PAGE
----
Although they have relinquished their duties as parish wardens, both John and Brian will continue to serve as deputy wardens. Brian will have special responsibility for safeguarding the fabric of all church buildings in the parish. Taking over as parish wardens will be church members John Burrows and Reader Bill Armstrong who have strong links with Saint Michael’s Church in Bishop Middleham but will work throughout the Upper Skerne. Sunday’s service saw a special presentation to Reader Michael King, to mark his hard work and leadership as Lay Chair of both the District Church Council and the Parish Church Council during the years that the Upper Skerne had no Team Rector or Vicar.
Familiar faces to many. Top to bottom John Burton, Brian Mutch, Bill Armstrong, Michael King & John Burrows.
Sedgefield News from the past
August 1869 – 150 years ago
by Martin F Peagam, The Time Traveller, on behalf of Sedgefield Local History Society On Tuesday 10 August the second annual show of the Sedgefield Floral and Horticultural Society took place at Hardwick Park. Although rain fell at intervals, the show was deemed a great success.

As well as displays of flowers, vegetables and honey, there were sporting contests: a handsome silver cup was awarded to the winner of a bicycle race which was described as ‘one of the great features of the show’. The united bands of Trimdon Grange and Wingate played music. Amongst those exhibiting were the gardeners of the neighbouring gentry who provided attractive displays of stove and greenhouse plants.

Mr Stobart, gardener to Mr Anisty of Norton, took first prize for a display of six foliage plants ‘of immense dimensions’ and also won a prize for his white grapes. Mr Dick, gardener to Lady Vane, won a special prize offered by a wire manufacturer in Stockton for the best trained plants in wire hanging-baskets.
August 1909 – 110 years ago
Members of the Sedgefield Cycling Club were amongst the many cyclists from local clubs who gathered at Wolviston. The village was ‘thronged with cyclists’ for an annual feast of sports on the village green.

The sports included three-legged running races, skipping, quoits, and a donkey derby, and culminated with the chase and capture of a live pig – a contest won by Miss Bolton of Haverton Hill, who received a copper kettle for her efforts.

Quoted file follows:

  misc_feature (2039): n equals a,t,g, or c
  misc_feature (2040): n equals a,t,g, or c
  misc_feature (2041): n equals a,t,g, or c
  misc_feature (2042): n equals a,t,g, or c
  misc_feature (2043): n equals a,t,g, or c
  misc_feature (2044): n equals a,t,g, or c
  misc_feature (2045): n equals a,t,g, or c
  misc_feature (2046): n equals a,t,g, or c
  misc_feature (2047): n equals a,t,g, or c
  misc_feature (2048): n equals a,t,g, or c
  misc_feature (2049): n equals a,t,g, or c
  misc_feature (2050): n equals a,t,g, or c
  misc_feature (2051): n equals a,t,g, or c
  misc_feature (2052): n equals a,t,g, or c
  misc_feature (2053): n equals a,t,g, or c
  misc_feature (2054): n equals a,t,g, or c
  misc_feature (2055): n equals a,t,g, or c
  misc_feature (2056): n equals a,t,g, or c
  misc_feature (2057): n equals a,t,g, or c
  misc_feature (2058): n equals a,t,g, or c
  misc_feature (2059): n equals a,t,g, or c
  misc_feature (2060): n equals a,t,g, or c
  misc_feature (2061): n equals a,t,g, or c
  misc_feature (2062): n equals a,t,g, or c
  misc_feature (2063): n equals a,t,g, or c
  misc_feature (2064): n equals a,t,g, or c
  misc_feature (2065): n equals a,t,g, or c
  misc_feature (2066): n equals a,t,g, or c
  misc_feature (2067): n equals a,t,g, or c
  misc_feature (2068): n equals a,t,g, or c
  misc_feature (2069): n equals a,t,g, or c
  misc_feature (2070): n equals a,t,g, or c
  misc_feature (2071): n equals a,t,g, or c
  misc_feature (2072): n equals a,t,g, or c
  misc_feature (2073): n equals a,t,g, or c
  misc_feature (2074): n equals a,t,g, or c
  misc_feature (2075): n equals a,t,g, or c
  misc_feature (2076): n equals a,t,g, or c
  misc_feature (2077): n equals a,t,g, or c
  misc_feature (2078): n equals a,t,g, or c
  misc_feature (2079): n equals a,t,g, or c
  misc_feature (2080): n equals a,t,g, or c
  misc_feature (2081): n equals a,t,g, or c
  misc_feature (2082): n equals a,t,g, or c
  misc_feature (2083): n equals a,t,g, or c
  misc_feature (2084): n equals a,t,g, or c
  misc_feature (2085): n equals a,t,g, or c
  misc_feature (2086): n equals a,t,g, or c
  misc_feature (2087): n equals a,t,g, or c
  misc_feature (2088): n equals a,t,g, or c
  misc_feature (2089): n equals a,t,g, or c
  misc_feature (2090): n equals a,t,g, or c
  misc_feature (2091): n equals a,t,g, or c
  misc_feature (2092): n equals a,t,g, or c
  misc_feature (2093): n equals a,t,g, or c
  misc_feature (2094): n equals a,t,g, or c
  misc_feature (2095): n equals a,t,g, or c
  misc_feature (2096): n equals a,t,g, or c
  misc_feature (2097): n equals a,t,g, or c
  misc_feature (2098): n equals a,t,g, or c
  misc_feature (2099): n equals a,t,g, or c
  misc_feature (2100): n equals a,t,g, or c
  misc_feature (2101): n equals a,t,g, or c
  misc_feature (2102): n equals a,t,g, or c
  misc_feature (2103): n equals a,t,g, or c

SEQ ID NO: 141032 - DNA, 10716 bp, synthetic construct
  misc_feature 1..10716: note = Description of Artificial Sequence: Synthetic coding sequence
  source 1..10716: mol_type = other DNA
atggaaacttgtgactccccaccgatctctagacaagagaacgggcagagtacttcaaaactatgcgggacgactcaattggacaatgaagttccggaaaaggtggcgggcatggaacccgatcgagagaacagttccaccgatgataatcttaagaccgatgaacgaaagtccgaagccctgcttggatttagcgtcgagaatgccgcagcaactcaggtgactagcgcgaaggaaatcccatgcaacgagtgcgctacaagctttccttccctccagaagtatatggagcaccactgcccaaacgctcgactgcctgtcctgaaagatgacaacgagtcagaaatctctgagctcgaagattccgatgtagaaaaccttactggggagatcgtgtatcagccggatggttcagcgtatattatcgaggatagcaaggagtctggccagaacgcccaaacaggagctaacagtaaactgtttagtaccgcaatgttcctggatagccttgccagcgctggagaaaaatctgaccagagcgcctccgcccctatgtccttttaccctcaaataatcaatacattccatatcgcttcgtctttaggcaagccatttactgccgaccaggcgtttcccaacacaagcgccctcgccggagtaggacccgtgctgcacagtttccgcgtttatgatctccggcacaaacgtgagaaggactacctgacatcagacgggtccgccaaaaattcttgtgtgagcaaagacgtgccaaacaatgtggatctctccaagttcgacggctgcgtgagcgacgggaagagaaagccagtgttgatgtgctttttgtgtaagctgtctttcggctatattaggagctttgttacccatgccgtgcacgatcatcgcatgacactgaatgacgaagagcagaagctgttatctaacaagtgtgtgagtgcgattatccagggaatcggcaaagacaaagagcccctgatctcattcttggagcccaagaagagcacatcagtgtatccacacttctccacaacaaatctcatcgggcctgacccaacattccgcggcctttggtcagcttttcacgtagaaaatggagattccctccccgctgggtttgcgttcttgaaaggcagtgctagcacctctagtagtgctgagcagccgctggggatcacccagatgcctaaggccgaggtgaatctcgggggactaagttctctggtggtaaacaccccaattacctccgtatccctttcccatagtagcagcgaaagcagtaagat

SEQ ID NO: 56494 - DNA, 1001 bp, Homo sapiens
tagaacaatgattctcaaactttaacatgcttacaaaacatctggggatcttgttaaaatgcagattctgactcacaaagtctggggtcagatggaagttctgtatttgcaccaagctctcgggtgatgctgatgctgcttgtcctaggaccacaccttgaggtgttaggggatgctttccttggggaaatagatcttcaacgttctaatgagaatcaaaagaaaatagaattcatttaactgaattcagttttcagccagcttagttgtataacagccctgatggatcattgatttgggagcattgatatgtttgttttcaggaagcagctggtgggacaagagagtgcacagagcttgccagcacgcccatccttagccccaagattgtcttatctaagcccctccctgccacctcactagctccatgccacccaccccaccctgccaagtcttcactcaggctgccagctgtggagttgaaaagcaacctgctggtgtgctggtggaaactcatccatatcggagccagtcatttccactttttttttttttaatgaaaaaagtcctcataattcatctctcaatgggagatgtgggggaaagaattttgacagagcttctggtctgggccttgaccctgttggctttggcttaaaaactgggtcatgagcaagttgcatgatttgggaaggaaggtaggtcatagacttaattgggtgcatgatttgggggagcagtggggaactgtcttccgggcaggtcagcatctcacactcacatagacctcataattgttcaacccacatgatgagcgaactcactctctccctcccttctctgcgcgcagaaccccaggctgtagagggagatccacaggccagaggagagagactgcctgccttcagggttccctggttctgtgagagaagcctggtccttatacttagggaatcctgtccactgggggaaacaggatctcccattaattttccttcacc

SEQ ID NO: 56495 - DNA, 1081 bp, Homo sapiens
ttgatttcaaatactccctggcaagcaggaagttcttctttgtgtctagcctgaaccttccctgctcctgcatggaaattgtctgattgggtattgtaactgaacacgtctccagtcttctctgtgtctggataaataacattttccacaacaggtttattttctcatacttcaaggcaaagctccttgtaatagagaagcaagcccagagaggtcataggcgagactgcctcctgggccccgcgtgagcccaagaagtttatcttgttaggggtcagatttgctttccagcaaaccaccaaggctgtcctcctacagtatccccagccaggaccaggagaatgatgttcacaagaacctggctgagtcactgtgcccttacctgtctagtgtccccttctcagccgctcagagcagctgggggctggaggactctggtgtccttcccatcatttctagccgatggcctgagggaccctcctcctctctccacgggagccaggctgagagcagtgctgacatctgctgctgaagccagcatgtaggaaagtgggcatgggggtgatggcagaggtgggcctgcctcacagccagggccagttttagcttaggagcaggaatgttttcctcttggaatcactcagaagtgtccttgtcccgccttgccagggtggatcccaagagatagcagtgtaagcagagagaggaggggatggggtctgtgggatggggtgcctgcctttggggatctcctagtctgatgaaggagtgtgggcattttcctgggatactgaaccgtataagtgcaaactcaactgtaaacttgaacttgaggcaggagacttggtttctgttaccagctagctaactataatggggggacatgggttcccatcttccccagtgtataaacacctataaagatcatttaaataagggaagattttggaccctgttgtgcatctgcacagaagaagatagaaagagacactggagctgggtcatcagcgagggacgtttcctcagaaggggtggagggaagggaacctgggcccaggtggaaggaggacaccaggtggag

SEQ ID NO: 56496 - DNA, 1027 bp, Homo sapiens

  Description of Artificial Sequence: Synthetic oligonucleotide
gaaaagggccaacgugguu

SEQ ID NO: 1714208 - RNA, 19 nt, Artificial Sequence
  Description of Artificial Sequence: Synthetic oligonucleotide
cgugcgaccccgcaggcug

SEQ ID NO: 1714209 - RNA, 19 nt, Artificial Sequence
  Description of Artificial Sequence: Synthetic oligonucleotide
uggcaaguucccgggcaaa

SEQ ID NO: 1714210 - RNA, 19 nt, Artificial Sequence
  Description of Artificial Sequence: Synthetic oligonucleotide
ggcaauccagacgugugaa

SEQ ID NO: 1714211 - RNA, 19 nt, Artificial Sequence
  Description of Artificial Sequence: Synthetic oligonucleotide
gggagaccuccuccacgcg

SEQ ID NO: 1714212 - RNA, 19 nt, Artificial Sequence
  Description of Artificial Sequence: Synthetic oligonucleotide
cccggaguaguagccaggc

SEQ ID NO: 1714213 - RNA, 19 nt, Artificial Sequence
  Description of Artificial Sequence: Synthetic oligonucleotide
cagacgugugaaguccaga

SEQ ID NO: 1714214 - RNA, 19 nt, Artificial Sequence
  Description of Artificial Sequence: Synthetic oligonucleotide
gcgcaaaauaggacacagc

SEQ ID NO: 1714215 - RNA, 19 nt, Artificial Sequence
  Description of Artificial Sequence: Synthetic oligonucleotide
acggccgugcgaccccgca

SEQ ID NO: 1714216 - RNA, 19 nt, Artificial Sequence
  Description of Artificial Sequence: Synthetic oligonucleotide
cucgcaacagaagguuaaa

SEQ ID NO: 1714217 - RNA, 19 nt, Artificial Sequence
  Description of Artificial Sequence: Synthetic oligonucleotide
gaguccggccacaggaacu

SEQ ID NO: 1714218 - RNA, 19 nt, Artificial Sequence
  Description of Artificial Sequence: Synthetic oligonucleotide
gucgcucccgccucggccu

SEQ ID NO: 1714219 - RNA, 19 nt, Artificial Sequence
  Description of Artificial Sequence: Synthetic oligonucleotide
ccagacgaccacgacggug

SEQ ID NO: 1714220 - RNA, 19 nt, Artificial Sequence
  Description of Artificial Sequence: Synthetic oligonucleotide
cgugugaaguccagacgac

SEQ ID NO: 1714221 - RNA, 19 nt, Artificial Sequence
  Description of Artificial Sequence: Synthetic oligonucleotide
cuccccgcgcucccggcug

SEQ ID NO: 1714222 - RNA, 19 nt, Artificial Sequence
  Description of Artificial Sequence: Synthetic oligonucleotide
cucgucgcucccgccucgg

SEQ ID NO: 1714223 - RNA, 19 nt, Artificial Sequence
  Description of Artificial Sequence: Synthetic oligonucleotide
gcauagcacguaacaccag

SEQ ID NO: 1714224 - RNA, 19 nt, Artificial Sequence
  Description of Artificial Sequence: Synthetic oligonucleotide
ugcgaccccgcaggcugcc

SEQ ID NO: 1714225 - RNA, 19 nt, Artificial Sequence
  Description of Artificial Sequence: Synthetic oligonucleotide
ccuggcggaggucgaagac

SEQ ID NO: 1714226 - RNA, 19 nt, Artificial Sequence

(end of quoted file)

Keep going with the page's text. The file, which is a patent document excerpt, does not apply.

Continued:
If you would like to know more about your local history, please visit the Facebook site of Sedgefield Local History Society or come along to one of our meetings.
Blooming delight!
Following the July visit of Northumbria in Bloom judges, Sedgefield welcomes Leanne Bone and Keith Jackson of Britain in Bloom on Tuesday 6 August. They will tour the village centre, visiting...

Ceddesfeld Gardens, before enjoying planting at both sides of Rectory Row, the wildflower meadow & mixed border at Wykes Close and the wonderful troughs outside the Social Club. Gardens at Crispin Court & Malton Terrace, created by the Bloomers, & the sumptuous displays at the Golden Lion and Dun Cow, which always attract praise.

The agricultural heritage area at Beacon Lane & the Turnpike Bed opposite, which provide an attractive show at the entrance to the village. Beneath the village signs, planters created by town council gardeners offer a colourful welcome to Sedgefield, along with the beautiful tubs, hanging baskets and beds around the village green. The Bloom Bike and Beacon Bed have become firm favourites over the years.

Judges are always impressed by the Manor House gardens, created by the Bloomers, while planting provided by new proprietors at the Pickled Parson, Impeccable Pig and Herd & Herb (formerly Hardwick Arms) have brought a touch of class to the centre of the village.

‘Results are not announced until the autumn, so we all have a long wait, but we are pleased to see Sedgefield looking so lovely and greatly appreciate the outstanding support from our wonderful community.’ Norma Neal
Brownie Gold Award Achievement
Millie Beamson of 2nd Sedgefield Brownies has achieved her Gold Award at Brownies. The Gold Award is the highest award in Brownies and has recently been established as part of the new Brownie programme. Millie is the first Brownie in our Division to achieve this award. This is a huge achievement for which we at 2nd Sedgefield Brownies are very proud.

Millie has been a Brownie for over 3 years, joining in guiding activities, setting an excellent example to her peers and showing what it is to be a member of Girlguiding. Only the most dedicated Brownies will achieve their Gold Award as it takes a lot of effort and hard work so it is an outstanding achievement. Well done Millie!
Photo: Millie is pictured with Brown Owl, Joanne Tinkler and Mayor of Sedgefield, Leo McCormack.